As Scots prepare to go to the polls a unique exhibition marking the 300th anniversary of the Anglo-Scottish Union has opened in the Granite City.
Drawing exclusively on the University of Aberdeen's historic collections, the exhibition at Marischal Museum explores the political, religious and economic factors that helped create the new kingdom of Great Britain on 1 May, 1707.
"We've got a huge amount of material on how the Union was discussed and debated in Scotland," said University of Aberdeen history lecturer Dr Andrew Mackillop, who annotated many of the displays. "Crucially, the exhibition views the Union as a long process rather than focussing on the political event. It shows that a union between Scotland and England was proposed throughout the 16th and 17th centuries and then looks at the divisive impact of the eventual political agreement of 1707 on Scotland and the city of Aberdeen."
Two key displays encapsulating the depth of reaction to the alliance between Scotland and England over the following 40 years are included. The first is a set of 300-year-old lecture notes - belonging to a University of Aberdeen student - adorned with drawings of two ships, one flying a Scottish saltire and the other a union flag. The second display is a German-made, double-edged Jacobite sword engraved on both sides. One shows the figure of St Andrew wearing a mitre and holding a cross with the inscription "Prosperity/to/Schotland/&No Union", and on the other there appears the figure of King James VIII and III.
"Together they highlight on the one hand the extreme, military reaction to the Union in the shape of the Jacobite Rebellions and then the more contemplative, cerebral process that was happening at the same time," said Dr Mackillop. "The drawings especially are unique and give a powerful and intimate sight into how the union was being contemplated by an ordinary student."
Other displays include registration documents showing what ordinary people had to do as a result of the political process, such as handing in their currency in to get it smelted down so it could be turned into sterling. A pint pot inscribed with new English measurements is also included as a colourful example of how every corner of life was touched by the events of May 1, right down to the way Scots drank their beer in the pub.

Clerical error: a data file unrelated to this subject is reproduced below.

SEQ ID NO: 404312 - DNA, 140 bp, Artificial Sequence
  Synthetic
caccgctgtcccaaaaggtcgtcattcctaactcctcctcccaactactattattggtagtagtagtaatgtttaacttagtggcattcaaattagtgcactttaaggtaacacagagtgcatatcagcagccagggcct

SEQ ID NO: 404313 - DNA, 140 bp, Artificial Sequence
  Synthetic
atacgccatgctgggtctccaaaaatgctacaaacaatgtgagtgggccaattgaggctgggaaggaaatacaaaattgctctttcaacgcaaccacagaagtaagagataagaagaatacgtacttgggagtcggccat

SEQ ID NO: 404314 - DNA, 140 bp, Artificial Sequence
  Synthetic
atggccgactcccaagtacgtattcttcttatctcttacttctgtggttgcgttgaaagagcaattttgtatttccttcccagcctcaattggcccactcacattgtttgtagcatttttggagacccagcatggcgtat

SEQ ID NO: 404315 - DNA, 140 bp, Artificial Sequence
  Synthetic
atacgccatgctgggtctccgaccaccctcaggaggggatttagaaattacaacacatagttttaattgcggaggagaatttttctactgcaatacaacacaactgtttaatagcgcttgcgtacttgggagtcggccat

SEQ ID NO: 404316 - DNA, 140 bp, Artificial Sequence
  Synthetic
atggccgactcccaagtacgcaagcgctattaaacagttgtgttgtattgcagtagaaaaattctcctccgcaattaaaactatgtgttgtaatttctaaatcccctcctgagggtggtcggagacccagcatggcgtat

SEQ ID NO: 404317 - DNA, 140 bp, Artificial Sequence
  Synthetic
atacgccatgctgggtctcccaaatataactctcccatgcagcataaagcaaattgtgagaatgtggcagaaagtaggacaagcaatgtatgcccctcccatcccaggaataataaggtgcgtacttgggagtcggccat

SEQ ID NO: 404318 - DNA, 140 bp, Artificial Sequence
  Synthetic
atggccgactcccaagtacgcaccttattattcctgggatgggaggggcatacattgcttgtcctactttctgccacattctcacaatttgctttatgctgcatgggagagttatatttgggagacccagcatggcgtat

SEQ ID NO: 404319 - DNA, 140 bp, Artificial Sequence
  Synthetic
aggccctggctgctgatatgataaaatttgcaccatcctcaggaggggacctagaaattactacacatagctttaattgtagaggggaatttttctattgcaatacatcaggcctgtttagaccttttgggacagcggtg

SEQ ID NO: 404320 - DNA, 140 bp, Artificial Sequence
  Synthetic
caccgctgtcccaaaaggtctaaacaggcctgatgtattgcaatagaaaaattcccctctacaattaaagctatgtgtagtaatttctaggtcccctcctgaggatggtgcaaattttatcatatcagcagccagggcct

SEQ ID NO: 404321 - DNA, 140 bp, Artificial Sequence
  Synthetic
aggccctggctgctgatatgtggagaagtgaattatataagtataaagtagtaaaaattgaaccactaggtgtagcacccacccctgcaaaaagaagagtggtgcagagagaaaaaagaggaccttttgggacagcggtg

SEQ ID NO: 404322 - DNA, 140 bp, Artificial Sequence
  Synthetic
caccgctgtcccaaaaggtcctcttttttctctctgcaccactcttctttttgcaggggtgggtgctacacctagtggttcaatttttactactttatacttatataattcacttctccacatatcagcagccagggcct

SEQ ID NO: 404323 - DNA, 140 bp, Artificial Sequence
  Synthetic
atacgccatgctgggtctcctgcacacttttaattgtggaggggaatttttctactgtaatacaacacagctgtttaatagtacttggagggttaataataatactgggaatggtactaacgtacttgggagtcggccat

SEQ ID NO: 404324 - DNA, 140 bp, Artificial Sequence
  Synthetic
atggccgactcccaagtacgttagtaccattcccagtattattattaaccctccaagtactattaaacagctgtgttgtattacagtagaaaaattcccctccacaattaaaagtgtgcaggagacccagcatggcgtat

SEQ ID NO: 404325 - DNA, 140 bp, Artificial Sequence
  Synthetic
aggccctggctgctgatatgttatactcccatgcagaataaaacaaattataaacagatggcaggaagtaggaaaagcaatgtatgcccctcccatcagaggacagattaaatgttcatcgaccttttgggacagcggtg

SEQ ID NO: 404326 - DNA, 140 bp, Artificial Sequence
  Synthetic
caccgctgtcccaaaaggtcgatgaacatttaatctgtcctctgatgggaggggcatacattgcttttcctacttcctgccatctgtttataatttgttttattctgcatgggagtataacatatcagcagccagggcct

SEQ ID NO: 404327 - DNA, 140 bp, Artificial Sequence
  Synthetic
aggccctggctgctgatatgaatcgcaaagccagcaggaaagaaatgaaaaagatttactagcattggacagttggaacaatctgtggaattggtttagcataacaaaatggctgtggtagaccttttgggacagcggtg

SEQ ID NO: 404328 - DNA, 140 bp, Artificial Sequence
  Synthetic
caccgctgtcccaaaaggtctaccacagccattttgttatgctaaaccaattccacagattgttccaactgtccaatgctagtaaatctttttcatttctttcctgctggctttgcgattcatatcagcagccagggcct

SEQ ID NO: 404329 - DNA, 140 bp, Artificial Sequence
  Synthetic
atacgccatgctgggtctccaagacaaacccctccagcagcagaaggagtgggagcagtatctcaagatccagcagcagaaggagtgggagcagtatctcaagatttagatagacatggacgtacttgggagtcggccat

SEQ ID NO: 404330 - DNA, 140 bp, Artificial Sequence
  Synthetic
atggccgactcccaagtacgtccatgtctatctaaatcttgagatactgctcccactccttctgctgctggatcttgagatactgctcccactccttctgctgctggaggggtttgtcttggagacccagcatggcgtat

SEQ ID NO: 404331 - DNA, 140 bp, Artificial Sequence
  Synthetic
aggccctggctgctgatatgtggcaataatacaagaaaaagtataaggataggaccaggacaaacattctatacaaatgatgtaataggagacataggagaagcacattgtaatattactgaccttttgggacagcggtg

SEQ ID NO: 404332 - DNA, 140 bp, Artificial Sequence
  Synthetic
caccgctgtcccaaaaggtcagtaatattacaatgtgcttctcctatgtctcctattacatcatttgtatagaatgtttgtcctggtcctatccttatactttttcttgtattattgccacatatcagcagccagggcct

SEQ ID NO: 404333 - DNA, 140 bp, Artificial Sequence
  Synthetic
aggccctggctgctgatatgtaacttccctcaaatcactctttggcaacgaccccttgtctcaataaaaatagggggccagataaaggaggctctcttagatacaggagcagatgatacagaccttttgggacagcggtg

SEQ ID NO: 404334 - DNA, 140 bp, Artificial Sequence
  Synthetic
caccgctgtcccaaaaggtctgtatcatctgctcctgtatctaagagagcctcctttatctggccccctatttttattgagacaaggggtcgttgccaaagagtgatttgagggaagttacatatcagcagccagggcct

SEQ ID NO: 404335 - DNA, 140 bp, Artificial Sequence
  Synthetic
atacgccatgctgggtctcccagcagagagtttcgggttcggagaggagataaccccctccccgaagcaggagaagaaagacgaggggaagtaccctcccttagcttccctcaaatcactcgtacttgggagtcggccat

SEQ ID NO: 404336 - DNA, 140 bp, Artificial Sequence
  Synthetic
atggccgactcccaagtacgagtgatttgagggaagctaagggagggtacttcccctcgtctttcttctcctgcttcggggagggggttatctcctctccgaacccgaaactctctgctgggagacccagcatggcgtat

The exhibition officially opens on Wednesday, May 2 and will run through to August. For more information visit http://www.abdn.ac.uk/historic/actsofunion/
The tercentenary (300 year anniversary) of the Union is also recognised by a two-day conference at the University entitled 'Anglo-Scottish Union, 1707: European Perspectives'. It will run from May 1-2 and features a controversial keynote lecture from Professor Allan Macinnes, the Burnett Fletcher Chair of History at the University of Aberdeen and a leading authority on early modern Scotland.
At a public lecture at Aberdeen Town House on the evening of May 1 – the actual tercentenary of the Anglo-Scottish Union - Professor Macinnes will challenge the belief that England had little commerce motivation when considering Union with Scotland. He will argue that a number of previously neglected political and economic reasons, over and above military security, existed for why England wanted political Union. These include:
- The Monarch, Queen Anne, was fearful of the loss of Crown power in Scotland and sought to bring the Kingdom under control so that the Monarchy's constitutional authority could be maintained.
- Contrary to the long established image of a poverty-stricken Scotland, there is evidence that Scottish entrepreneurs were managing to infiltrate the Atlantic economic system. The lecture will argue that they were undercutting England's official system of protected trade in the West Indies and North American colonies, and that the Union was designed to remove a source of unofficial economic competition.
- Contrary to the old argument that Scotland's negotiators were bribed, or that they were principled statesmen who cut a good deal for the country, Professor Macinnes will conclude that the Scottish commissioners for union were "naïve to the point of incompetence", and failed to fully appreciate England's very real need to secure the Union. This, he will argue, led to a settlement which, from Scotland's point of view, was far less impressive than it might have been.